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Cinema Pioneers: Theda Bara – Hollywood’s First Sex Symbol

Theda Bara

In the beginning, there was the good guy, the good girl, the bad guy and, of course, the bad girl. Cinema’s first bad girl was also it’s first sex symbol. Her name was Theodosia Goodman but probably you would know her as Theda Bara. She was molten sex when the Model T ruled the roadways. While Mary Pickford was America’s sweetheart, dainty, demure and virginal, Theda Bara was dark, mysterious, and a little bit stout. The polar opposite of Mary Pickford, she flaunted her sexuality and her figure.

Theda Bara
Theda Bara as Cleopatra Photo by Fox

Even though she usually portrayed a vixen or a loose woman on screen, Bara was the first femaleto be in total control. One could rightly argue that Bara’s career was most noteworthy for the fact that she played a woman and not a gamine, as was the case of most of the early silent film actresses.

William Fox, who founded Fox Studios (This was before they merged with 20th Century) knew a money maker when he saw one. Consequently, he made sure Bara was under contract. According to Wikipedia –

“At the height of her fame, Bara earned $4,000 per week. She was one of the most popular movie stars, ranking behind only Charlie Chaplin and Mary Pickford.

Theda Bara’s biggest role would come in the film Cleopatra, probably history’s first Femme Fatale. It became her defining role. Sadly, unless a miracle happens, it might fade from memory. After a fire at the Fox studio in 1927, all that remains of Bara’s legacy are two films. The lavish Cleopatra film was one of the victims. As a result, all that remains of it is an extensive series of costume tests.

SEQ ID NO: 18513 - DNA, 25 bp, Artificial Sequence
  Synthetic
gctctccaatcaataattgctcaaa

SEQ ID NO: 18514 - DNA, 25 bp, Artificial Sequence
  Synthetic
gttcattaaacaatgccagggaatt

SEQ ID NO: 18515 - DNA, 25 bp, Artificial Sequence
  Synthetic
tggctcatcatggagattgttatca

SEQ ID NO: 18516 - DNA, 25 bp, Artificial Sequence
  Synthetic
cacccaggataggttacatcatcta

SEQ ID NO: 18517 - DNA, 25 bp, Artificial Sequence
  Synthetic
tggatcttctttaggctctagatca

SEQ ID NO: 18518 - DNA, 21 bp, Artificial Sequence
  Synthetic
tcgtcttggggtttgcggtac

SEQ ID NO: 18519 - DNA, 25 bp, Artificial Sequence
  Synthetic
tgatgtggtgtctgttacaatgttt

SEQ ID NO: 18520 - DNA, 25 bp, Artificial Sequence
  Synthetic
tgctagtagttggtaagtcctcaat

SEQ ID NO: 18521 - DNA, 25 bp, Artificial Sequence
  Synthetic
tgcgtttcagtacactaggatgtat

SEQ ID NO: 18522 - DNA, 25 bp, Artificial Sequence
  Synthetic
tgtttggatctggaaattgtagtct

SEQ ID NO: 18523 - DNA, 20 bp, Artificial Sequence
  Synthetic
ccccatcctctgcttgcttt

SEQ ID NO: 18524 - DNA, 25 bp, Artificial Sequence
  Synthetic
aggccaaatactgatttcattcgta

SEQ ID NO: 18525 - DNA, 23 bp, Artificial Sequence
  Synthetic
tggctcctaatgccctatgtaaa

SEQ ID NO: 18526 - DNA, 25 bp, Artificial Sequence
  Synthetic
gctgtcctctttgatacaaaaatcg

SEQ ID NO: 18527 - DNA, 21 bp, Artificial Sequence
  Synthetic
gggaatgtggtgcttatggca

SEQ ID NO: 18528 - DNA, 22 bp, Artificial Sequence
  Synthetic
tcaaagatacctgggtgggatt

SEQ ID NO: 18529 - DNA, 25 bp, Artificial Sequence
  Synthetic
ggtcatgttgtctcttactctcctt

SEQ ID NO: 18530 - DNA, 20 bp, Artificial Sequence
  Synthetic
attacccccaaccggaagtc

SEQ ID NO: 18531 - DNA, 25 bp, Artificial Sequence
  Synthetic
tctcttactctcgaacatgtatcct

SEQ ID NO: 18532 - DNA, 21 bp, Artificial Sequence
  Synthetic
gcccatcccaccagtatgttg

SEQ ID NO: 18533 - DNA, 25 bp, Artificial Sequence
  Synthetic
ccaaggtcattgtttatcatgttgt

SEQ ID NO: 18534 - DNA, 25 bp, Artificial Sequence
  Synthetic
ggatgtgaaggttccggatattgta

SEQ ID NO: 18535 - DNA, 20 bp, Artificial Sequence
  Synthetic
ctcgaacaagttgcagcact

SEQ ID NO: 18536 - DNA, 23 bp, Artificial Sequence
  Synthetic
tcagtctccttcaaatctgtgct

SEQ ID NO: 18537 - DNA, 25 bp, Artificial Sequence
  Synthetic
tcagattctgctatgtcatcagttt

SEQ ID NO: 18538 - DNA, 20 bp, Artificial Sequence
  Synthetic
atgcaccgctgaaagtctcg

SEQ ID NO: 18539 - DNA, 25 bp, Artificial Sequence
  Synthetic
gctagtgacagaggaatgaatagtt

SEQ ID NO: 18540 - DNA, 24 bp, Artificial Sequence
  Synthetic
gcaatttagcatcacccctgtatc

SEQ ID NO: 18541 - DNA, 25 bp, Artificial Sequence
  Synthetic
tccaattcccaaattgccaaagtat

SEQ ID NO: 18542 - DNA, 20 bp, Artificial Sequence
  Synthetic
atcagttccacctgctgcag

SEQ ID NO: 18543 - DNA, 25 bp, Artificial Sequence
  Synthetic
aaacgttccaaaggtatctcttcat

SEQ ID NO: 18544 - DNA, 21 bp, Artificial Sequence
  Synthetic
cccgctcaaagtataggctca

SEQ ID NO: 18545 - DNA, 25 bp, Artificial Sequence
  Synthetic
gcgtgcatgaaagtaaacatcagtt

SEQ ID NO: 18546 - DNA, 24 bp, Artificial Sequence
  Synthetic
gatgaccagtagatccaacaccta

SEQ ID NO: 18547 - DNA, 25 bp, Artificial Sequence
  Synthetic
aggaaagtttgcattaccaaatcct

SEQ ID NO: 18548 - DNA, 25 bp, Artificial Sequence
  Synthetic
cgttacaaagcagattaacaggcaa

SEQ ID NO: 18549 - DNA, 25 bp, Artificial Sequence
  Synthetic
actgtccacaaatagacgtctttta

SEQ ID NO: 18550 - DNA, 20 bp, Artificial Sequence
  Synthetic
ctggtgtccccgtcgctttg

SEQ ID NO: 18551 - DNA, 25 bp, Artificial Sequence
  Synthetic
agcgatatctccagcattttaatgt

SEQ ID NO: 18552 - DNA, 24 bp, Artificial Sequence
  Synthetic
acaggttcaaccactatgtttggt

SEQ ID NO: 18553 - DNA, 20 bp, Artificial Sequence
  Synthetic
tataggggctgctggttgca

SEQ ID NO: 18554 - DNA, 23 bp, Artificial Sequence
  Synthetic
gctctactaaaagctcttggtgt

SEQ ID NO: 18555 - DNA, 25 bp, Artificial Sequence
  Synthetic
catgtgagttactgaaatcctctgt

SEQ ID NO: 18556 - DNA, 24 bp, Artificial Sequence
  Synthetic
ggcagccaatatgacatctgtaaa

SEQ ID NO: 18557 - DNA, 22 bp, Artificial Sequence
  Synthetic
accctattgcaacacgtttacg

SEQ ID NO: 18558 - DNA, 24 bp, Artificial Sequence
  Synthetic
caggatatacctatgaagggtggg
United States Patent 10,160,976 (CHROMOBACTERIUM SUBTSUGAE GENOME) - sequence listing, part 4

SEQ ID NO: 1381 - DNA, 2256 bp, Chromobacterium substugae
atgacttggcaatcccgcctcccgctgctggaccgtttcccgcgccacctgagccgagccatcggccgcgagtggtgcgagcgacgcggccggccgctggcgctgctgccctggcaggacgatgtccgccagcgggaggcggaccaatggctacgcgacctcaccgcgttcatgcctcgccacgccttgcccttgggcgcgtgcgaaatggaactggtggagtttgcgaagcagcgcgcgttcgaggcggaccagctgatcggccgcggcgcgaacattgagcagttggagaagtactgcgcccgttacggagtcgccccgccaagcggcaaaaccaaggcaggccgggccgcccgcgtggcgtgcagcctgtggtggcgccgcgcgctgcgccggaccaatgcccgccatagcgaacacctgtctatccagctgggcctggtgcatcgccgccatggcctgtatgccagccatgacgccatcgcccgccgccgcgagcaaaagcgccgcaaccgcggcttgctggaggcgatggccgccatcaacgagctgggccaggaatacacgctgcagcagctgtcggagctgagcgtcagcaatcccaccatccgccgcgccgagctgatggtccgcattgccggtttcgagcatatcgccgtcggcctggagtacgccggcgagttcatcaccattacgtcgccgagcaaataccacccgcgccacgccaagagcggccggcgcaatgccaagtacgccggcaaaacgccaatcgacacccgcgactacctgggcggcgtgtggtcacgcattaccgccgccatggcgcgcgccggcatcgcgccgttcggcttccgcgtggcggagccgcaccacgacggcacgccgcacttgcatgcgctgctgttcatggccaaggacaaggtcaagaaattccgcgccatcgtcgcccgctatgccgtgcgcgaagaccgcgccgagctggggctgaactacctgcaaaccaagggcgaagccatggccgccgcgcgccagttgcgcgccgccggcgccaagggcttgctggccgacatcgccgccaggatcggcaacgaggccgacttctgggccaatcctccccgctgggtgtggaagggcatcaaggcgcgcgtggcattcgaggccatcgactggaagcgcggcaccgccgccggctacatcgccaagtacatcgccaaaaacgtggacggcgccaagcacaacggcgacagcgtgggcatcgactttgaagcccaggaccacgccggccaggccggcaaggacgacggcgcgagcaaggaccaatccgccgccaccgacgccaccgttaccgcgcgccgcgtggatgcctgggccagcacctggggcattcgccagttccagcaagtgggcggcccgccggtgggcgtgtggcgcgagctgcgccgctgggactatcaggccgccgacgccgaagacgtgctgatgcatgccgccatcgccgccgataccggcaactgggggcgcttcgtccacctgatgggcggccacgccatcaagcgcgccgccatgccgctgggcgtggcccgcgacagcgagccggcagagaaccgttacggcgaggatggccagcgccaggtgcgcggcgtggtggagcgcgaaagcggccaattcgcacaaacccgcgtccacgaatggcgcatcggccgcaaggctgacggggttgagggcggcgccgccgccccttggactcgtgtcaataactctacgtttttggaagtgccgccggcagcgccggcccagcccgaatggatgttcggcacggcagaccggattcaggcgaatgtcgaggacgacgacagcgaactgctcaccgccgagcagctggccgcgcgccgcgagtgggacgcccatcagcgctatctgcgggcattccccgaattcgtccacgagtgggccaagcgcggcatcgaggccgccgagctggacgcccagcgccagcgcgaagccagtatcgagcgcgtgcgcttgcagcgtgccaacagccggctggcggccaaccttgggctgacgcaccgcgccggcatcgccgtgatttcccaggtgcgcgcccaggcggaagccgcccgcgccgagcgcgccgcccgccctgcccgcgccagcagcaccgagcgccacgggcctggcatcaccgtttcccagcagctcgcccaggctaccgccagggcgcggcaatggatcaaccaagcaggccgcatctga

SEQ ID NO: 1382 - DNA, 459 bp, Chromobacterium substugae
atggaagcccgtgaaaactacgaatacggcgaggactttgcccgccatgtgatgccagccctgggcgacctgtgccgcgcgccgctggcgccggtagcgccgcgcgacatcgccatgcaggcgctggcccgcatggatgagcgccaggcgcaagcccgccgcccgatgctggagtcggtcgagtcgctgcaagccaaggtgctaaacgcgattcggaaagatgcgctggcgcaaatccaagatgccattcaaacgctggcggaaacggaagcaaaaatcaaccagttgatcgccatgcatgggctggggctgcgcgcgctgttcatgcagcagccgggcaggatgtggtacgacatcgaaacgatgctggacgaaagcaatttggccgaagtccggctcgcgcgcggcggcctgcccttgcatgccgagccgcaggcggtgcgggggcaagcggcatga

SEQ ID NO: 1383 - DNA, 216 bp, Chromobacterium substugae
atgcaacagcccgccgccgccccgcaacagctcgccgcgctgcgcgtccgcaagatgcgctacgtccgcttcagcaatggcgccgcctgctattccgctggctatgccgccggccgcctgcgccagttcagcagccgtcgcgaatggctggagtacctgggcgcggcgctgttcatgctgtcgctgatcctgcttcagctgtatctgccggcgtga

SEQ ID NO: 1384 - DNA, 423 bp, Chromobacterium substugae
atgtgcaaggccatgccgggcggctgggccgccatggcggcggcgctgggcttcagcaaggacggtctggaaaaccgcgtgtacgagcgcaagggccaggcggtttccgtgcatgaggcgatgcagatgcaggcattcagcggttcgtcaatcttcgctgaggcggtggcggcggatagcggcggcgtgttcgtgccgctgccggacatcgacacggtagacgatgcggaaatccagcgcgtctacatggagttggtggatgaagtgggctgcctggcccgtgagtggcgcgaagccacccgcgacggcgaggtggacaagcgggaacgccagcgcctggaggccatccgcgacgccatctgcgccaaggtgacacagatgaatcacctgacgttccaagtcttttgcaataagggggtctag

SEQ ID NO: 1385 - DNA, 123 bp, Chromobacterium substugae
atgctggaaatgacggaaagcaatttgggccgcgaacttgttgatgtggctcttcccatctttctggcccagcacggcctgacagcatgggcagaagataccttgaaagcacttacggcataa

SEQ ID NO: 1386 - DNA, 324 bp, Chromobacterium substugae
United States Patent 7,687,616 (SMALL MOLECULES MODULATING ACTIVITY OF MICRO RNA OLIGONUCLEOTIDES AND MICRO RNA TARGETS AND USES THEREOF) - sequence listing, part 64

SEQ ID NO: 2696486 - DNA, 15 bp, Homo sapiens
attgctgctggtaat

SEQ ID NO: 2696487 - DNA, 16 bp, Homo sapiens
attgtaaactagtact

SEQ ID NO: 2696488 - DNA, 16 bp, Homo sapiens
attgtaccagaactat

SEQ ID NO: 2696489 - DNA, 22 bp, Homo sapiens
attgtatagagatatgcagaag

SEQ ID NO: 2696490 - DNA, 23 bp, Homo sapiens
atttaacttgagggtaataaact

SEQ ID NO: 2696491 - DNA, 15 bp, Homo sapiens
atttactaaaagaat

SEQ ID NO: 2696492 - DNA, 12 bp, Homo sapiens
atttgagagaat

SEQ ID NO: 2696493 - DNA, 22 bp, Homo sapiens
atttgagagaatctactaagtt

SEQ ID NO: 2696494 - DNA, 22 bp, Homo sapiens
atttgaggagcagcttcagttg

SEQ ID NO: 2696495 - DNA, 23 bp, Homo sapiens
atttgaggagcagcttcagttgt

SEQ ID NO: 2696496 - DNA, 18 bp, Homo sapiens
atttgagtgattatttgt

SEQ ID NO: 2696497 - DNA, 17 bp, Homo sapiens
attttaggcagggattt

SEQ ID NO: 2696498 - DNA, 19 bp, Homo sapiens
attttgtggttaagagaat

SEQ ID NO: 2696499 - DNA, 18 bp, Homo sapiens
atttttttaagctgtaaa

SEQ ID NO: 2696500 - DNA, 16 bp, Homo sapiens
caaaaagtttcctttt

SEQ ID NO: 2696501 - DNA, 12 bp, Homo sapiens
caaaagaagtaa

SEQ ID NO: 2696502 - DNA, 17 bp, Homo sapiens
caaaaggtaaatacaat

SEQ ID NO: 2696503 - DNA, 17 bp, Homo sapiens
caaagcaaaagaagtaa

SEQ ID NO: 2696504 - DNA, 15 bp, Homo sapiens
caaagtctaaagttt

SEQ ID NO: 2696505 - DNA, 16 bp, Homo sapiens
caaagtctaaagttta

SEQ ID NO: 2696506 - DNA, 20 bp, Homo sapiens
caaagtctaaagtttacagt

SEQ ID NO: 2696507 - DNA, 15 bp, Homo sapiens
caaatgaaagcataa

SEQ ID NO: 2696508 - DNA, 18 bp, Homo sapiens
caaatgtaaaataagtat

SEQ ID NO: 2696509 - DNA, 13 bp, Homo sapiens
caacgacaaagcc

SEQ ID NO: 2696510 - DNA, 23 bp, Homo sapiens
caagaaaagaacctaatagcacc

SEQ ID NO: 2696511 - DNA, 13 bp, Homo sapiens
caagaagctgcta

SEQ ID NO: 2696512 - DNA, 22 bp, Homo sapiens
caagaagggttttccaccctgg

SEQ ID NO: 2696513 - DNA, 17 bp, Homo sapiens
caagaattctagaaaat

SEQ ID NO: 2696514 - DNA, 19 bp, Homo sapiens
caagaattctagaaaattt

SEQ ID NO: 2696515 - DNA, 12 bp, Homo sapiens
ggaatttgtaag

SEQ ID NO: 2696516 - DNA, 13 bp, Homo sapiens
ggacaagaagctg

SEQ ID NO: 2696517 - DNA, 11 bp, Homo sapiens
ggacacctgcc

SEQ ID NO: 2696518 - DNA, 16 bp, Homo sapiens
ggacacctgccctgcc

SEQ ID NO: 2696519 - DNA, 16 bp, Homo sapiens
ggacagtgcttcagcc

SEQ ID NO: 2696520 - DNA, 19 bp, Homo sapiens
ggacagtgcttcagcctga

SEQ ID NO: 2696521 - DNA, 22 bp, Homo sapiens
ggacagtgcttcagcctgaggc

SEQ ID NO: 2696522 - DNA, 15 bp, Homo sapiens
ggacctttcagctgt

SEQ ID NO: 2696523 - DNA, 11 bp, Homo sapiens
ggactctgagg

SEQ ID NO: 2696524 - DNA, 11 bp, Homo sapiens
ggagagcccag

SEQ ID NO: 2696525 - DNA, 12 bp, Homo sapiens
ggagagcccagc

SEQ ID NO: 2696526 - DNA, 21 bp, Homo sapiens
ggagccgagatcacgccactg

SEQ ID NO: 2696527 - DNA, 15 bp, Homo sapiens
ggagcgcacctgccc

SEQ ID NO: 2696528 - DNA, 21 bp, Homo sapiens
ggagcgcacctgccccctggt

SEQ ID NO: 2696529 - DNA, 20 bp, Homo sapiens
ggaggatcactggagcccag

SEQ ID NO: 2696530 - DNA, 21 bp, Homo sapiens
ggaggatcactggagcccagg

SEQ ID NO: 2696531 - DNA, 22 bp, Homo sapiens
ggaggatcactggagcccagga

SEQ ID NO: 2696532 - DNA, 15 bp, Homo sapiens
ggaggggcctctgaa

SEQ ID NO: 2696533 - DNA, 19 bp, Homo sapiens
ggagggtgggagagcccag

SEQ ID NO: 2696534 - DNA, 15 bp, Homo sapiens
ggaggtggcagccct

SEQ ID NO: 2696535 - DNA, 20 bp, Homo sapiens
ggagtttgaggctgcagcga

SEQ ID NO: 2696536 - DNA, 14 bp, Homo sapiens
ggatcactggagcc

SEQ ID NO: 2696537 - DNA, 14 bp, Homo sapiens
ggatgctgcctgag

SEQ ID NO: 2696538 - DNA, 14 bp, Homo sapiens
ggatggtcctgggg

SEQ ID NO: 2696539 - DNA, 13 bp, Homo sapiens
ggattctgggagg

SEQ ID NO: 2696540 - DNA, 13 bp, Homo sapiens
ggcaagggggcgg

In conclusion, though we lament the loss of her films, it seems fitting for the mysterious Theda Bara. She remains as the studio would want us to remember her, mysterious.

Theda Bara
1917: American actor Theda Bara (1890 – 1955) poses in costume as Cleopatra in a promotional portrait for director J Gordon Edwards’s film ‘Cleopatra’.
  • Spike

    Wow. Some risque photos/costumes. But then, maybe this was before the whole studio concession/film rating thing started.

    Anyways, she doesn’t look mysterious to me. More like chubby and kinda scary.

    • Yes, there was a loose production code in effect but it was never enforced. There were a couple of other guises trying to get a uniform code. The code that you are probably thinking of came in 1934. Fox actually developed a whole fake biography for Bara. Looks wise, Bara was actually blonde and don’t forget because of the antiquated lighting the actors wore pancake makeup in heavy doses.

  • Spike

    Heh. She mighta been cuter blonde. And lighting for those films must have been a real beach, I’m sure. Just trying to imagine incandescent lighting (did they have anything else?) ever being enough to flood a shot, and I can’t.

    • Remember, that in Bara’s time frame they were just starting to make feature length films.